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Asplenium platyneuron

Previously known as:

  • Asplenium ebeneum
Phonetic Spelling
ah-SPLEE-nee-um pla-tee-NUR-on

Ebony Spleenwort is native to South Africa and North America east of the Rocky Mountains.  It is a diminutive evergreen fern that grows in a small clump from its rhizome. It belongs to the Spleenwort family of ferns whose name is based on historical belief that these plants had medicinal value pertaining to the spleen.  This species' common name is derived from its dark, shiny stem.  Some Canadian Provinces and U.S. states consider this plant a vulnerable or endangered species.  In its native conditions, it grows in a broad range of habitats such as rocky banks and outcrops, disturbed sites, fields, and wooded slopes.  It grows best in well drained rocky soils, in shade to part sun, with dry to medium moisture.  It is characterized by its dimorphic fronds.  Sterile evergreen fronds are lighter green, glossy, slightly arching or may lay close to or flat on the ground. Fertile deciduous fronds are erect, dark green and die off in the winter.  A central stem (stipe) is dark purple-brown.  Spleenworts do not produce flowers or fruit and primarily reproduce by spores located in sori on undersides of their leaves.  Ebony Spleenwort reproduces by spores and also propagates vegetatively, forming buds near the base of the stem on either sterile or fertile fronds.  Pale button-like buds appear on the upper side of the lowest leaflets.  When buds fall off and contact soil, or get covered over with woodland leaf litter, growth is stimulated and they produce new ferns as the parent plant dies off.  The upright form of the fertile fronds ensures efficient spore dispersal over long distances.  It does not propagate via its rhizome.  This fern is knowm to naturally hybridize with other species, producing sterile offspring.   In landscape or garden use, this fern does best in shaded, gritty, humus rich, well drained soils with dry to medium moisture.  It is not particularly sensitive to pH but prefers acidic conditions with pH 4.5-5.  It is easy to grow and suitable for woodland or native plant gardens in dry, rocky, shady crevices.

Insects, Diseases, and other Plant Problems:  This fern has no major diseases but is susceptible to slugs and black fern aphid.  If conditions remain too wet it may be susceptible to crown rot.

VIDEO Created by NC State Extension's Homegrown series featuring Mark Weathington, Director of JC Raulston Arboretum.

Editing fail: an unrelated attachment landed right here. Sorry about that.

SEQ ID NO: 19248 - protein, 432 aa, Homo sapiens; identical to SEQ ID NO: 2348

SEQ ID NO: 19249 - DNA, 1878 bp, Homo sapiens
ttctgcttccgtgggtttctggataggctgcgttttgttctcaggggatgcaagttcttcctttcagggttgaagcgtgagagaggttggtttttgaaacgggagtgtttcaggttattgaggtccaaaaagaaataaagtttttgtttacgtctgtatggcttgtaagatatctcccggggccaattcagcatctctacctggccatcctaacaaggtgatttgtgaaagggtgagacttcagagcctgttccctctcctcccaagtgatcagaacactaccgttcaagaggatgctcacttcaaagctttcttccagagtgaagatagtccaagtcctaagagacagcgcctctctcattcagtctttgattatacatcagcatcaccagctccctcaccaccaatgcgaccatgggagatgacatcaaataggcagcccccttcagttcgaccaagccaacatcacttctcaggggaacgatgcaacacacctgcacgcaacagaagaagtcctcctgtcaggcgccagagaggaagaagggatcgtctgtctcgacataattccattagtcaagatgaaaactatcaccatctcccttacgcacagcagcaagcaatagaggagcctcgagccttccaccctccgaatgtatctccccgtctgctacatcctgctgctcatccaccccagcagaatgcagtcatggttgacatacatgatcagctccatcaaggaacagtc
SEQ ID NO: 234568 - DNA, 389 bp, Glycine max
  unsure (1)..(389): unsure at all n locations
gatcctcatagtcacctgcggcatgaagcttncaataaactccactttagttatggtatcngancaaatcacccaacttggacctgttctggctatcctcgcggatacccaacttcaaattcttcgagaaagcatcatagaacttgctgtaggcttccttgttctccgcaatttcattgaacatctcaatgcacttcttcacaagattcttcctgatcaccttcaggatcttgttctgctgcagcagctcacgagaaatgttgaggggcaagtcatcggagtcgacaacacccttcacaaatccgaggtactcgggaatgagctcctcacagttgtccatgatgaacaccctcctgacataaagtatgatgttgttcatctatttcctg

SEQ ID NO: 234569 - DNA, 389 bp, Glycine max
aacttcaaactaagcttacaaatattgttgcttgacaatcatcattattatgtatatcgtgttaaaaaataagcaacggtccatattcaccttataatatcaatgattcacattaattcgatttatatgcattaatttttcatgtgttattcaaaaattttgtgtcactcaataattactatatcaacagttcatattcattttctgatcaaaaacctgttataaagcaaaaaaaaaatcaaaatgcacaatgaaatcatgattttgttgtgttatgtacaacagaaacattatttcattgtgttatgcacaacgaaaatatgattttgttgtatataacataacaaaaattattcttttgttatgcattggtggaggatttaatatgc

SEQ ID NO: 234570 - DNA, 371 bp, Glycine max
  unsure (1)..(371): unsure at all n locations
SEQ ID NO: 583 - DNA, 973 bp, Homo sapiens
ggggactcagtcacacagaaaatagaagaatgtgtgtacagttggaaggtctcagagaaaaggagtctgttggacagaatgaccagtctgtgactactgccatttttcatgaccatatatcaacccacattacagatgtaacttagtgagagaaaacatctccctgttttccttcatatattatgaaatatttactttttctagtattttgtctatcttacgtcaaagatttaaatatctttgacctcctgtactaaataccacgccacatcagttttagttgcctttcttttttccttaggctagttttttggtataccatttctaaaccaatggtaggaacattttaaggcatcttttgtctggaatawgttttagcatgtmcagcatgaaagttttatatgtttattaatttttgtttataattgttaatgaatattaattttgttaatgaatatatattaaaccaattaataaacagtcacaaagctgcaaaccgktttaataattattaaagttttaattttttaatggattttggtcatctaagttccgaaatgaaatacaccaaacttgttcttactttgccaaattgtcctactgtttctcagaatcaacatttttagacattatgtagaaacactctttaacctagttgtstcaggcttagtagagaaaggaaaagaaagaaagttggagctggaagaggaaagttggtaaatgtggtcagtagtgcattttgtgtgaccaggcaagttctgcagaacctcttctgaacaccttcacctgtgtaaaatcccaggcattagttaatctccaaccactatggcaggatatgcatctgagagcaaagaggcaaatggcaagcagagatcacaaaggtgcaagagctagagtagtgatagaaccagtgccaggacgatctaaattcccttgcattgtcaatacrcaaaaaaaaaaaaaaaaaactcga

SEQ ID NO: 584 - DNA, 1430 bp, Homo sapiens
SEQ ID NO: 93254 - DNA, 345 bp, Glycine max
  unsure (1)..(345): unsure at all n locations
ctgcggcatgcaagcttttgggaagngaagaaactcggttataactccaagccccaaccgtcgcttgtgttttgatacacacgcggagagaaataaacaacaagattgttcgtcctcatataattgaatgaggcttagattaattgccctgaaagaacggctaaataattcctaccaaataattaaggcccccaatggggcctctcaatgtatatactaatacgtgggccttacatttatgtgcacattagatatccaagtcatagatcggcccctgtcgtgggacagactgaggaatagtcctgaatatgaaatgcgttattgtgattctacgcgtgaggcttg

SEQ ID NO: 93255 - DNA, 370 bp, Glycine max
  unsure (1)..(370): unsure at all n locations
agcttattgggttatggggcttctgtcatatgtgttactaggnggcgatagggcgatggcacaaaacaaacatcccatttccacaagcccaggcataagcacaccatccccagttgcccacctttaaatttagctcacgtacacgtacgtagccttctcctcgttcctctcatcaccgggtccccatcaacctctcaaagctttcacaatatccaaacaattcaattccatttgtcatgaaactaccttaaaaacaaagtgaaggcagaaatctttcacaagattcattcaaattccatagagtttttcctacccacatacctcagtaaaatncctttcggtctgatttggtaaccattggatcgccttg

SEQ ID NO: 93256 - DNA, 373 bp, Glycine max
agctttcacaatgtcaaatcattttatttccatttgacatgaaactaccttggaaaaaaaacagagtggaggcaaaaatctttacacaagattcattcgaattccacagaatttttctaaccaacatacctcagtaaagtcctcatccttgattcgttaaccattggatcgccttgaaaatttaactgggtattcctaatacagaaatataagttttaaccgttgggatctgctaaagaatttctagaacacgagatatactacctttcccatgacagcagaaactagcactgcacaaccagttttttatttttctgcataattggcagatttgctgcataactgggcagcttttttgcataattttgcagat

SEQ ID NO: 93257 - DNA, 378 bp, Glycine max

Profile Video:
See this plant in the following landscape:
Cultivars / Varieties:
#evergreen#shade garden#fern#deer resistant#food source summer#food source fall#food source herbage#FACU Piedmont Mountains#Coastal FACU#Audubon
Cultivars / Varieties:
#evergreen#shade garden#fern#deer resistant#food source summer#food source fall#food source herbage#FACU Piedmont Mountains#Coastal FACU#Audubon
  • Attributes:
    Life Cycle:
    Country Or Region Of Origin:
    North America E. of Rocky Mts., S. Africa
    North America E. of Rocky Mts., S. Africa
    Play Value:
    Easy to Grow
    Particularly Resistant To (Insects/Diseases/Other Problems):
    Deer, Heavy Shade
    Height: 0 ft. 8 in. - 1 ft. 8 in.
    Width: 0 ft. 8 in. - 1 ft. 8 in.
  • Whole Plant Traits:
    Plant Type:
  • Cultural Conditions:
    Dappled Sunlight (Shade through upper canopy all day)
    Deep shade (Less than 2 hours to no direct sunlight)
    Partial Shade (Direct sunlight only part of the day, 2-6 hours)
    Soil Texture:
    High Organic Matter
    Loam (Silt)
    Shallow Rocky
    Soil pH:
    Acid (<6.0)
    Soil Drainage:
    Good Drainage
    Occasionally Dry
    Available Space To Plant:
    12 inches-3 feet
    NC Region:
    USDA Plant Hardiness Zone:
    3a, 3b, 4a, 4b, 5a, 5b, 6a, 6b, 7a, 7b, 8a, 8b, 9a, 9b
  • Fruit:
    Fruit Description:
    This plant has no fruits. It reproduces via spores and vegetatively.
  • Flowers:
    Flower Description:
    No flowers
  • Leaves:
    Leaf Color:
    Leaf Type:
    Compound (Pinnately , Bipinnately, Palmately)
    Leaf Arrangement:
    Leaf Shape:
    Leaf Margin:
    Hairs Present:
    Leaf Length:
    > 6 inches
    Leaf Width:
    1-3 inches
    Leaf Description:
    Slender, sterile, lighter-green, evergreen fronds are arching to flattened. Erect, dark green, deciduous fertile fronds whither in winter. Fronds taper at both ends. Fronds are blade-shaped, linear or oblanceolate, and wider at the upper half of the blade. The blades are shiny, pointed at the tip, tapered near the base and may have a few hairs. Each blade is cut into leaflets (pinnae) along its length (15-45 pairs), alternately arranged on rachis. Leaflets are oblong, each with an auricle at the base pointing toward the tip of the blade. Undersides may have minute scales. Edges are crenate or serrulate. Blades reach lengths of 20 inches and widths of 0.8-3 inches. Leaflets are 0.4-1 inch long. Leaflets have up to 18 pairs of sori on the underside, each 0.04-0.08 inches in size. Each pair points toward the base of the leaflet in a herringbone fashion. Buds form at the base of the stipe on sterile and/or fertile fronds, and sprout into new ferns when they contact soil.
  • Stem:
    Stem Color:
    Stem Is Aromatic:
    Stem Surface:
    Smooth (glabrous)
    Stem Description:
    Shiny, dark stems and axis
  • Landscape:
    Landscape Theme:
    Shade Garden
    Resistance To Challenges:
    Heavy Shade